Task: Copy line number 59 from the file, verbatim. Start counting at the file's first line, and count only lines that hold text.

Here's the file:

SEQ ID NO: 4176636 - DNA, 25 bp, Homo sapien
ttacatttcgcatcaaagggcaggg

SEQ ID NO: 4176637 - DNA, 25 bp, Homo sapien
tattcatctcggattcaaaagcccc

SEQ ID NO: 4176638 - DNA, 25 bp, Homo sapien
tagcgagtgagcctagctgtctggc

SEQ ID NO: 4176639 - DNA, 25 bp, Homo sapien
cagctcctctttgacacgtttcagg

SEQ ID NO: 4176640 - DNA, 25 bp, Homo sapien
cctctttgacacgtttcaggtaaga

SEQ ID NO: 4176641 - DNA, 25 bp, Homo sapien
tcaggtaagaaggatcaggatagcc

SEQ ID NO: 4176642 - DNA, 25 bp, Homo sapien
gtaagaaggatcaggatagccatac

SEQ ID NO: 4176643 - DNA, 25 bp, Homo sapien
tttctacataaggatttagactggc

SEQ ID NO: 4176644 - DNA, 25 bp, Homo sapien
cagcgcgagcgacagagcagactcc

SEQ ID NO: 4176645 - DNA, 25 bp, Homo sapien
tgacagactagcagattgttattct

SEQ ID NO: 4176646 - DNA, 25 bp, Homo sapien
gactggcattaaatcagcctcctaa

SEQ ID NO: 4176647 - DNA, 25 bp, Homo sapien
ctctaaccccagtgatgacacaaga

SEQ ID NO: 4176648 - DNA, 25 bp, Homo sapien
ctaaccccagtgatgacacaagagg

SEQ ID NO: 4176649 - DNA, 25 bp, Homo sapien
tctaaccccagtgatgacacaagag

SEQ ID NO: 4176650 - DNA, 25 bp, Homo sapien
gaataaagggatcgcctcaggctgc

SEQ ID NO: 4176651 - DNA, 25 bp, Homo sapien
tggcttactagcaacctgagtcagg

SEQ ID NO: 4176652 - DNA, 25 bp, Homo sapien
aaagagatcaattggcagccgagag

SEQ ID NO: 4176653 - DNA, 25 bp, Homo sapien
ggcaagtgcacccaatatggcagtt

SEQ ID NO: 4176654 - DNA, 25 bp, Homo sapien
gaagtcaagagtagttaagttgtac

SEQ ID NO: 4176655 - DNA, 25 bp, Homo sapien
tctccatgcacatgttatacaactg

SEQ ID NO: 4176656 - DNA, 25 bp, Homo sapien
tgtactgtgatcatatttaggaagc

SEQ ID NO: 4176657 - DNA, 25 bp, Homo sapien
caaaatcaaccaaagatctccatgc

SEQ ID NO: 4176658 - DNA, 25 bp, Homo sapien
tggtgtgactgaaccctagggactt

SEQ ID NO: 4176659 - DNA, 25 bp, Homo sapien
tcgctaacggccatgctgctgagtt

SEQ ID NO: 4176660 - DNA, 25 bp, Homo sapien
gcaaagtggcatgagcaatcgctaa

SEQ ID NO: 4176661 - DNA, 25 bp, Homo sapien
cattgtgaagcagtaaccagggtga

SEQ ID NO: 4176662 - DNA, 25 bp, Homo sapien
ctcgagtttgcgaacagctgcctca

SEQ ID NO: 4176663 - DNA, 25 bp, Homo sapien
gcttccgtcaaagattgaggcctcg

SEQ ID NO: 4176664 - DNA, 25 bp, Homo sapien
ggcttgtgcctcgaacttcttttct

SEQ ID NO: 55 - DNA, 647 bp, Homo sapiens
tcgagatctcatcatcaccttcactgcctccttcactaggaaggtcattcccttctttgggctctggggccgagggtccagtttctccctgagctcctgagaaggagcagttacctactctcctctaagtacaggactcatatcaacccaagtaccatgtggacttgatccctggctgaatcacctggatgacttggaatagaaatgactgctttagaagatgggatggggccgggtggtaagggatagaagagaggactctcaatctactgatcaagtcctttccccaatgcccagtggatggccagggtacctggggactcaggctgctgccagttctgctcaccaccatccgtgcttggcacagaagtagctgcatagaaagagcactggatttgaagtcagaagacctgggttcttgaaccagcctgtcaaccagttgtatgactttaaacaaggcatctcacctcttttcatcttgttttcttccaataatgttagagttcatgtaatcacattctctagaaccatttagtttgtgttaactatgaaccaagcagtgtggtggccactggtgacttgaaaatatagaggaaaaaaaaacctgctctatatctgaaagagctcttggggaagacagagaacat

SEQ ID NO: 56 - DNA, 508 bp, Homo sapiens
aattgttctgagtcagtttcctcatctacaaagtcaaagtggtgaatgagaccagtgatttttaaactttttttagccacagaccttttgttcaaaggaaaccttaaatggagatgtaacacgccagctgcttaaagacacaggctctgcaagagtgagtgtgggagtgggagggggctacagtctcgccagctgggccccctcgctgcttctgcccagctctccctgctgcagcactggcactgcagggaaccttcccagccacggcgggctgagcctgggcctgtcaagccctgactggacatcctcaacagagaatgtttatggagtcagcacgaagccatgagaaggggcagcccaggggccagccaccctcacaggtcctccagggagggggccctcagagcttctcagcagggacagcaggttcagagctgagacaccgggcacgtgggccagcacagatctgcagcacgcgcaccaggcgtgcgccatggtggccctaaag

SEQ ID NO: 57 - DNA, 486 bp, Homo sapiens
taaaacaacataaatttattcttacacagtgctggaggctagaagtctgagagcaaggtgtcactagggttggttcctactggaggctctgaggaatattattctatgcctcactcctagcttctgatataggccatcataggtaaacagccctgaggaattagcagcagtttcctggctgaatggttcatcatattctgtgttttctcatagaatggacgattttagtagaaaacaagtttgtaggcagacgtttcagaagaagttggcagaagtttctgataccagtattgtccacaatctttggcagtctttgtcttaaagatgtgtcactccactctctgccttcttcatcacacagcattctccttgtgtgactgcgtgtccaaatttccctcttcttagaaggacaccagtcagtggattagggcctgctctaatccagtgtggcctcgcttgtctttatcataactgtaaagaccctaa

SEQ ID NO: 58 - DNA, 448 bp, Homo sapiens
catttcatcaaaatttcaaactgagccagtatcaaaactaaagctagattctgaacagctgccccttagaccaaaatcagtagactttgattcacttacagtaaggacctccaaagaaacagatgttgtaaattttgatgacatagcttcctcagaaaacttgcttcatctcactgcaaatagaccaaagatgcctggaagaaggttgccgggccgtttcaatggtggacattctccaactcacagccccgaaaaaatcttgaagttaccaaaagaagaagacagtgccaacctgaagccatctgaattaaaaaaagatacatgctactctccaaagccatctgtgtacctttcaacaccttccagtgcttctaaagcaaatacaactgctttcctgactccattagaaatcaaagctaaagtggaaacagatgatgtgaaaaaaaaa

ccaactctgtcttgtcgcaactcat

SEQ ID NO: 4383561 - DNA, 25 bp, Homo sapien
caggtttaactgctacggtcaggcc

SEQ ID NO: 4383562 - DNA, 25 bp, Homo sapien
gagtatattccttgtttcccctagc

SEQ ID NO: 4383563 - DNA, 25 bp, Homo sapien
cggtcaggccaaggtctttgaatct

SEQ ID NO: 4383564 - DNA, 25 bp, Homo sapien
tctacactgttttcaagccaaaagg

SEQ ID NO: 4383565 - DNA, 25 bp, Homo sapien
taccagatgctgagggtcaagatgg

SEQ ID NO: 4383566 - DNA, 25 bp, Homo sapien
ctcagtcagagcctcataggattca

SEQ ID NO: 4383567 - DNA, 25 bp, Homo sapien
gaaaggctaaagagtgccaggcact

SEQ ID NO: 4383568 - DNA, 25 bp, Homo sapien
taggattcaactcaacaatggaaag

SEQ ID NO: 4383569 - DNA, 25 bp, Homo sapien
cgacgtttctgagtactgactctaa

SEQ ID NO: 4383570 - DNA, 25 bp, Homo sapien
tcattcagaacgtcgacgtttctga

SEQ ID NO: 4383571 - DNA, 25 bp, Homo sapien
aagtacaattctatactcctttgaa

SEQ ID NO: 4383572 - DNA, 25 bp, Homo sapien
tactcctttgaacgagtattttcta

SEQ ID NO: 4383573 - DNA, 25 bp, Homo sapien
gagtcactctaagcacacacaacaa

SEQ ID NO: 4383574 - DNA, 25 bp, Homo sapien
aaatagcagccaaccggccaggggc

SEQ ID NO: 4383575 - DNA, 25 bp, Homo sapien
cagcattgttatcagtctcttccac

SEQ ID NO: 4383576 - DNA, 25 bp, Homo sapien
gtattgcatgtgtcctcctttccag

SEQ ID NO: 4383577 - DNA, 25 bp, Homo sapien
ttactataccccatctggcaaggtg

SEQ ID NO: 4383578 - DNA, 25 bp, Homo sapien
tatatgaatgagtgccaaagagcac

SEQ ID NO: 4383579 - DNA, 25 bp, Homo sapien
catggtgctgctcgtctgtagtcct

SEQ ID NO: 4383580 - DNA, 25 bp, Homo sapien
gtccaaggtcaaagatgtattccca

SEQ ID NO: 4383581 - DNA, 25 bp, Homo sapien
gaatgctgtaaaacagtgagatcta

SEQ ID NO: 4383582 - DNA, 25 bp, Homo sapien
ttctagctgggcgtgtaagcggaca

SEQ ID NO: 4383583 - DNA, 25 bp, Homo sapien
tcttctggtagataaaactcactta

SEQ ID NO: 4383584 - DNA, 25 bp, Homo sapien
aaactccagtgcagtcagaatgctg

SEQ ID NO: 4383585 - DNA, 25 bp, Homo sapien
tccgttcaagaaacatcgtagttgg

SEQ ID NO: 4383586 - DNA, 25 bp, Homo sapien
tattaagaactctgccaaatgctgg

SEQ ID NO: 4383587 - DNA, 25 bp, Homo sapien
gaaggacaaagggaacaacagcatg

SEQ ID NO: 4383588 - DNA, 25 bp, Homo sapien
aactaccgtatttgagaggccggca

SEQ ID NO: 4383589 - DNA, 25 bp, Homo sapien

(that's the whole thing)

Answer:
SEQ ID NO: 55 - DNA, 647 bp, Homo sapiens